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Quick Drive: 2020 Volvo V60 Polestar


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Back in the spring, I spent some time with two different Volvo 60 series models - the S60 Momentum and V60 Cross Country. I came away impressed with the work Volvo had done, picking Cross Country as my favorite. A couple months back, another 60 series model rolled up for a week long evaluation. This one is very different.

  • Unlike most performance wagons that grab a bullhorn and shout for attention, the V60 Polestar goes for a more sedate approach. From afar, it looks like your standard V60. Get closer and you begin to see the small changes such as the lowered ride height, 20-inch grey wheels that cover up the massive gold brake calipers, and the two Polestar badges.
  • Only changes for the interior are the Polestar logo embossed on the front headrests and gold seatbelts.
  • Under the hood is Volvo's T8 powertrain. This is the 2.0L twin-charged four-cylinder paired with an electric motor on the rear axle to produce a total output of 415 horsepower and 494 pound-feet of torque. This setup also provides all-wheel drive.
  • It is quite shocking (pardon the pun) as to how fast the V60 Polestar goes. Step on the accelerator and it feels like you have engaged warp drive as the two powertrains work together. 
  • But there were times where the gas engine and electric motor didn't seem to be on the same page. There would be the odd delay or surging of the gas engine when driving around town in the hybrid mode. Hopefully, this is something that could be addressed with an update to the engine software.
  • The other party trick of the V60 Polestar is the ability to run on electric power alone. This comes from an 11.6 kWh lithium-ion battery pack underneath the cargo floor. Volvo claims a range of 22 miles on electric power alone, but I was able to stretch it out to around 23 to 25 miles throughout the week.
  • Recharging took around eight to eleven hours if the battery was near or fully depleted. 
  • For the week, I saw an MPGe average of 52.1. With the battery drained, I saw the average fall to around 29.1 MPG. 
  • Volvo turned to suspension supplier Öhlins to develop something bespoke for the V60 Polestar. What was delivered is a special set of dampers that are manually adjusted by gold-colored aluminum knobs. You'll easily find the ones in the front by opening the hood - sitting on top of the shock towers. The ones in the back are slightly harder to find as they're located above the wheels in the wheel housing. This is something that feels like more of a talking point when showing off the wagon, not something you want to mess with unless you are knowledgeable on damper tuning.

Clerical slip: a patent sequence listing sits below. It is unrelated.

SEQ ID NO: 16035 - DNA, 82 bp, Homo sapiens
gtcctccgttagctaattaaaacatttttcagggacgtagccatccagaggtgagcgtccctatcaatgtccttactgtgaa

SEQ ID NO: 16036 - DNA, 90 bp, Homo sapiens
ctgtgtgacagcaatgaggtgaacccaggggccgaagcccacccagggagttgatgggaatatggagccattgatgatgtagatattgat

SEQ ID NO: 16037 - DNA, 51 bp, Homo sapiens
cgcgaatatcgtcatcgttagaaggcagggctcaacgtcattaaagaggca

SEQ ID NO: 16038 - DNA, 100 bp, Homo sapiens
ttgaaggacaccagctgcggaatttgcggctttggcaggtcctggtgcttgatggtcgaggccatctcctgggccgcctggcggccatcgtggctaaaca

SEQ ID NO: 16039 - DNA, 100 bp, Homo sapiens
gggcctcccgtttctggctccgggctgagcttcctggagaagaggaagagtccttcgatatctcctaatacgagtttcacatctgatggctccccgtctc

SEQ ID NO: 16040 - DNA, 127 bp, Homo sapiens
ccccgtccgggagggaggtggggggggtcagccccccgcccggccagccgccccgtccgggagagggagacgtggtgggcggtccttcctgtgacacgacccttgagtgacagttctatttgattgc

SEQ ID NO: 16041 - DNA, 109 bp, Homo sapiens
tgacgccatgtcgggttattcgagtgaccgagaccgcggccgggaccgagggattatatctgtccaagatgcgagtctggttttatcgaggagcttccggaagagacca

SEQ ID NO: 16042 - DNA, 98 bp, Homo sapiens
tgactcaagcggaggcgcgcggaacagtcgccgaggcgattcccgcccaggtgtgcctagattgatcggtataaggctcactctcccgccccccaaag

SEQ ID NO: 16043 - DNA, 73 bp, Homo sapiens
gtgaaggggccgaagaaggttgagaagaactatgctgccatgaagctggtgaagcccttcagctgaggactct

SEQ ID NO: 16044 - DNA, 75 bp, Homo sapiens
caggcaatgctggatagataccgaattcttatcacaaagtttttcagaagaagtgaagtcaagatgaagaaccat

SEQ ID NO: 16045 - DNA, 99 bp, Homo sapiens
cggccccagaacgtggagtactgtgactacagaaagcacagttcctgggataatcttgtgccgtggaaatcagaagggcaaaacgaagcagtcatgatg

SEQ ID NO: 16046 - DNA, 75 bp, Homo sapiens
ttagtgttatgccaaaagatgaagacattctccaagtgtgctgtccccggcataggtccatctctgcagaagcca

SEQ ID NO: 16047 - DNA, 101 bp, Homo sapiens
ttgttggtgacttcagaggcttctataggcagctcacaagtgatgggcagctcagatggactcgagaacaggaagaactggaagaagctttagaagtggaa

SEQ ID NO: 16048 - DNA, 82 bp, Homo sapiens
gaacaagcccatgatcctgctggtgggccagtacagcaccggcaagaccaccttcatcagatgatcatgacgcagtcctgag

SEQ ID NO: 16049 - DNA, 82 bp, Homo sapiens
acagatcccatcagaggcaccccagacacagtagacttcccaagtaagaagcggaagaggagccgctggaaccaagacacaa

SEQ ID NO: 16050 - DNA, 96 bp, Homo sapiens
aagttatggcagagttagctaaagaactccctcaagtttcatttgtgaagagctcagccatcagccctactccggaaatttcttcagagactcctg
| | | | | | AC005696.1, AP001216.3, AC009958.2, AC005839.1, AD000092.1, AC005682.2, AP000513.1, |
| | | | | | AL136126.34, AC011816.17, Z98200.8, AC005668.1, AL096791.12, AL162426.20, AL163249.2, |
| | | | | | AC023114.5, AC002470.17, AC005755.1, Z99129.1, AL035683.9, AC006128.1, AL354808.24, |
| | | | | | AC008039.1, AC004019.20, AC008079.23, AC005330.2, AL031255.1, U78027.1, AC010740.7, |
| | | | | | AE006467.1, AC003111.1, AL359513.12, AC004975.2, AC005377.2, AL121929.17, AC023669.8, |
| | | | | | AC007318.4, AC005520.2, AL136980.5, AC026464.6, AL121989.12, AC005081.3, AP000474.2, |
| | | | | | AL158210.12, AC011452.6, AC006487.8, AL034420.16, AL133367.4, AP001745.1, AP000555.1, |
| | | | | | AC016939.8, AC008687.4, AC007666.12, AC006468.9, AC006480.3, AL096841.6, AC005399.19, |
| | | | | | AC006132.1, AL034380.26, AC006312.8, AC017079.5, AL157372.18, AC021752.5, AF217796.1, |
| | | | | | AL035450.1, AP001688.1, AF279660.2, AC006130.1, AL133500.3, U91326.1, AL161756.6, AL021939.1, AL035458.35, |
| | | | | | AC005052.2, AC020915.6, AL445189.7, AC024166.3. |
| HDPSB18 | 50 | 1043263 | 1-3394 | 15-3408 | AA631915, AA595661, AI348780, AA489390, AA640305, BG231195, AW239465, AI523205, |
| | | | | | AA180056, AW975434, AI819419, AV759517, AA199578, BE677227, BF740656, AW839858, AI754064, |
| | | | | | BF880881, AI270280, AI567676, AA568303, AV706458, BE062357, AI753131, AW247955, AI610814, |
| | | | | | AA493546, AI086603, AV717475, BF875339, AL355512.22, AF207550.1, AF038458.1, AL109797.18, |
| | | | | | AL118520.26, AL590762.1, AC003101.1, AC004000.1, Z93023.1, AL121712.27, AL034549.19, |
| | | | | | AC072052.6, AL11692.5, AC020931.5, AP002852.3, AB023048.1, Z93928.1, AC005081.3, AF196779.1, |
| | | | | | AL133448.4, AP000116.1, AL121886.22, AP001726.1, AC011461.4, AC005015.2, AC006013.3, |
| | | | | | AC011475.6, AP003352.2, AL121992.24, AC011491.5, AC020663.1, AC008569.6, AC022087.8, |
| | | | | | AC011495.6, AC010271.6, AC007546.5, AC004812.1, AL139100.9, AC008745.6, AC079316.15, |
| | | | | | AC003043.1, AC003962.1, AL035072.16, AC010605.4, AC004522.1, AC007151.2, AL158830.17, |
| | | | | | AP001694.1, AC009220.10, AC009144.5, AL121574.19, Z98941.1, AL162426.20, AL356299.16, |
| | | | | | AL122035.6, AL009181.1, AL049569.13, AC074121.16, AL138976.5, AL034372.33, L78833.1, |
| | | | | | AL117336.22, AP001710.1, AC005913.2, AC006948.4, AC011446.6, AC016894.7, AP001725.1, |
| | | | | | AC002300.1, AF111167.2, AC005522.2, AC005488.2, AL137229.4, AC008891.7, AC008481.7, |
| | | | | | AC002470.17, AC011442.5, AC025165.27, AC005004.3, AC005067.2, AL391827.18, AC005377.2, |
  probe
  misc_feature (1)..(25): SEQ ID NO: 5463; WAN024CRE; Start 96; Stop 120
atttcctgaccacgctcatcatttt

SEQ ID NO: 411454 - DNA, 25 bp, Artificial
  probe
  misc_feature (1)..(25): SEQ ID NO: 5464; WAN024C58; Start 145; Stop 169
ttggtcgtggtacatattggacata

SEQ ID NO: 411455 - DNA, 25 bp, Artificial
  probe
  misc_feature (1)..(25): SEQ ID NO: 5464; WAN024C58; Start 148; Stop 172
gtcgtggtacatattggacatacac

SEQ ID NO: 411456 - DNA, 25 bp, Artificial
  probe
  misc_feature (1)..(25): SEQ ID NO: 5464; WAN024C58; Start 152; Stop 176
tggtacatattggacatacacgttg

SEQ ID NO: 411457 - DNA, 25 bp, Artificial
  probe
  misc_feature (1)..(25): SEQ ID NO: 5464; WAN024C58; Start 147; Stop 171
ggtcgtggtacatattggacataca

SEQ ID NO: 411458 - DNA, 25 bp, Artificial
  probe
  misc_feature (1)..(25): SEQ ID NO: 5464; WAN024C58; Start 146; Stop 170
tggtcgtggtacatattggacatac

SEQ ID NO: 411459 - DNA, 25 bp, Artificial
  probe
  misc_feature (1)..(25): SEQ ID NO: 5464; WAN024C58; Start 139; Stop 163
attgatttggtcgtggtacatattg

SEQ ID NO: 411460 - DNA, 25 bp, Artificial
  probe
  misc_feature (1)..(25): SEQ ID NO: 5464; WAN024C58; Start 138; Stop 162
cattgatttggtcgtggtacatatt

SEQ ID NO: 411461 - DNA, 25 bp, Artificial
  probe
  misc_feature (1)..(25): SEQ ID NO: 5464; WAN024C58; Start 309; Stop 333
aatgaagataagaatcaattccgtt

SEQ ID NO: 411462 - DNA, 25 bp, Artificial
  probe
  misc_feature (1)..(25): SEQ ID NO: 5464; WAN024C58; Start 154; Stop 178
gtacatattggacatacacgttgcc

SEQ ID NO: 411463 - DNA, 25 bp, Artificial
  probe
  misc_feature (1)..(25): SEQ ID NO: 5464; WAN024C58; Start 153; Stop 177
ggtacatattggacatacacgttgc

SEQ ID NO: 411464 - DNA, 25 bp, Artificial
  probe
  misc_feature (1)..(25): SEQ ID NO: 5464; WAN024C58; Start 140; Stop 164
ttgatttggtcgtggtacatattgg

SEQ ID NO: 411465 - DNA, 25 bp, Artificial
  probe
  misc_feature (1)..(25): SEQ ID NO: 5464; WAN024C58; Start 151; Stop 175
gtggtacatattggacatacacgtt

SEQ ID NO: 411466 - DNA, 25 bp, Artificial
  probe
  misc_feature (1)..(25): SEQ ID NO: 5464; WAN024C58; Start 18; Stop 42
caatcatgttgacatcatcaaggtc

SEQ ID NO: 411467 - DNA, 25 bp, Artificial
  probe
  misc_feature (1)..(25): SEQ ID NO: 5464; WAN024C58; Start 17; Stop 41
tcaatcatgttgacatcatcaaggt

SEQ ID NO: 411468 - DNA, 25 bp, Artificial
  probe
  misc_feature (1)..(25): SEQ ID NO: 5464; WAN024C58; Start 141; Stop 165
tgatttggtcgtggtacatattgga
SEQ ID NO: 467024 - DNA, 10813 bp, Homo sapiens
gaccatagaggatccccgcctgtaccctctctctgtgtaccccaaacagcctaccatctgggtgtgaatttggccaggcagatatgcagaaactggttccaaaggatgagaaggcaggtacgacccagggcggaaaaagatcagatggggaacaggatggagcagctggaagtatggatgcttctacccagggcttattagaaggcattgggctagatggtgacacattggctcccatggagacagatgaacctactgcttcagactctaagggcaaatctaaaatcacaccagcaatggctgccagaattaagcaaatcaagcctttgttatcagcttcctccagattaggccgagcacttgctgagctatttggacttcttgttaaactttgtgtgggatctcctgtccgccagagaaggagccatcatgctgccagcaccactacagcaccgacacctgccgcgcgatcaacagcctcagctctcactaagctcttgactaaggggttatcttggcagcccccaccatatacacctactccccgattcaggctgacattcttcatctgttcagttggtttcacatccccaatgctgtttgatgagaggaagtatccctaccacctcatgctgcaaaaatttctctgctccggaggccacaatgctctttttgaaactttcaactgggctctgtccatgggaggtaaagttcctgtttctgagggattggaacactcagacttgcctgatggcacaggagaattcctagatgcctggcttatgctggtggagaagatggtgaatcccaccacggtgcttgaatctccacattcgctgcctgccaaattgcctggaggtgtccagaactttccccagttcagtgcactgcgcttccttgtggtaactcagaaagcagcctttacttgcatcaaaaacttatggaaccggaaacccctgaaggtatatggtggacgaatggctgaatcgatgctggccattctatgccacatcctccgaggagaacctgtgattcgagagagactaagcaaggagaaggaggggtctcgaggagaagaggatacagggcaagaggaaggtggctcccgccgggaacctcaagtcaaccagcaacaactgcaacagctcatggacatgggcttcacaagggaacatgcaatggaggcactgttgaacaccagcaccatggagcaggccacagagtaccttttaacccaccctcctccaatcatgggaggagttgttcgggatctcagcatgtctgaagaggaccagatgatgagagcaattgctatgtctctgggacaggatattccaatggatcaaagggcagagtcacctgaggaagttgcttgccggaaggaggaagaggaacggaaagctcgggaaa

• The V60 Polestar may be the best handling Volvo I have driven in quite some time. The Öhlins dampers do make a difference as they minimize body roll. But the dampers cannot fully hide the massive weight of the Polestar - tipping the scales at 4,522 pounds. This makes the wagon not feel as nimble.
  • In terms of ride quality, the V60 Polestar does well on smooth roads. Take it on a road with a litany of bumps and potholes and the ride becomes very choppy. This is where I wished Volvo had gone for a computer-controlled damper system to make the ride slightly smoother.
  • A price tag of over $68,000 is a bit much for a Volvo, but you need to take into consideration that you're getting everything as standard. That includes the premium B&O audio system, full LED headlights, Nappa leather upholstery, heated/ventilated front seats, Pilot Assist, and more. The only option on our tester is the metallic paint.
  • Despite the price tag and rough ride, I'm happy to see Volvo venturing out and doing some wild as the V60 Polestar. This vehicle is a prime example of having your cake and eating it by delivering excellent performance and efficiency in one package. The fact that this package is in a wagon shows this for someone who doesn't want to follow the Joneses and get a performance crossover.
  • Would this be the 60 Series model I would buy? No, that honor falls to the V60 Cross Country I drove in the early spring. But the Polestar runs a close second.

Disclaimer: Volvo Provided the V60 Polestar, Insurance, and One Tank of Gas

Year: 2020
Make: Volvo
Model: V60
Trim: T8 Polestar Engineered 
Engine: 2.0L Twincharged DOHC 16-Valve Four-Cylinder, Two AC Electric Motors
Driveline: Eight-Speed Automatic, All-Wheel Drive
Horsepower @ RPM: 328 (gas), 46 (electric motor front), 87 (electric motor rear), 415 (combined)
Torque @ RPM: 317 (gas), 111 (electric motor front), 177 (electric motor rear), 494 (combined)
Fuel Economy: Combined MPGe/Gas - 69/30
Curb Weight: 4,522 lbs
Location of Manufacture: Gothenburg, Sweden
Base Price: $67,300
As Tested Price: $68,940 (Includes $995.00 Destination Charge)

Options:
Metallic Paint - $645.00


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I hope this time around Volvo will dedicate more effort to fix the 2020 V60 Polestar's problem of the electric engine not able to harmoniously work together with the petrol engine every time, which creates a delay hesitation.  This issue is reminisce of the never solved problem of delay hesitation from the 2016 Polestar, I once drove, with an engine that in theory suppose to rid of turbo lag by having the supercharger work during low rpm until the  turbocharger spooled up enough to take over at higher rpm.  This harmony did not work most of the time, and after many years, Volvo still never able to fix it.  If one day Volvo can get their act together, I will be buying another Volvo.

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      Crisp Handling
      Premium Interior
      Jeers:
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      Cramped Rear Seats
      Fuel Economy Trailing the Pack
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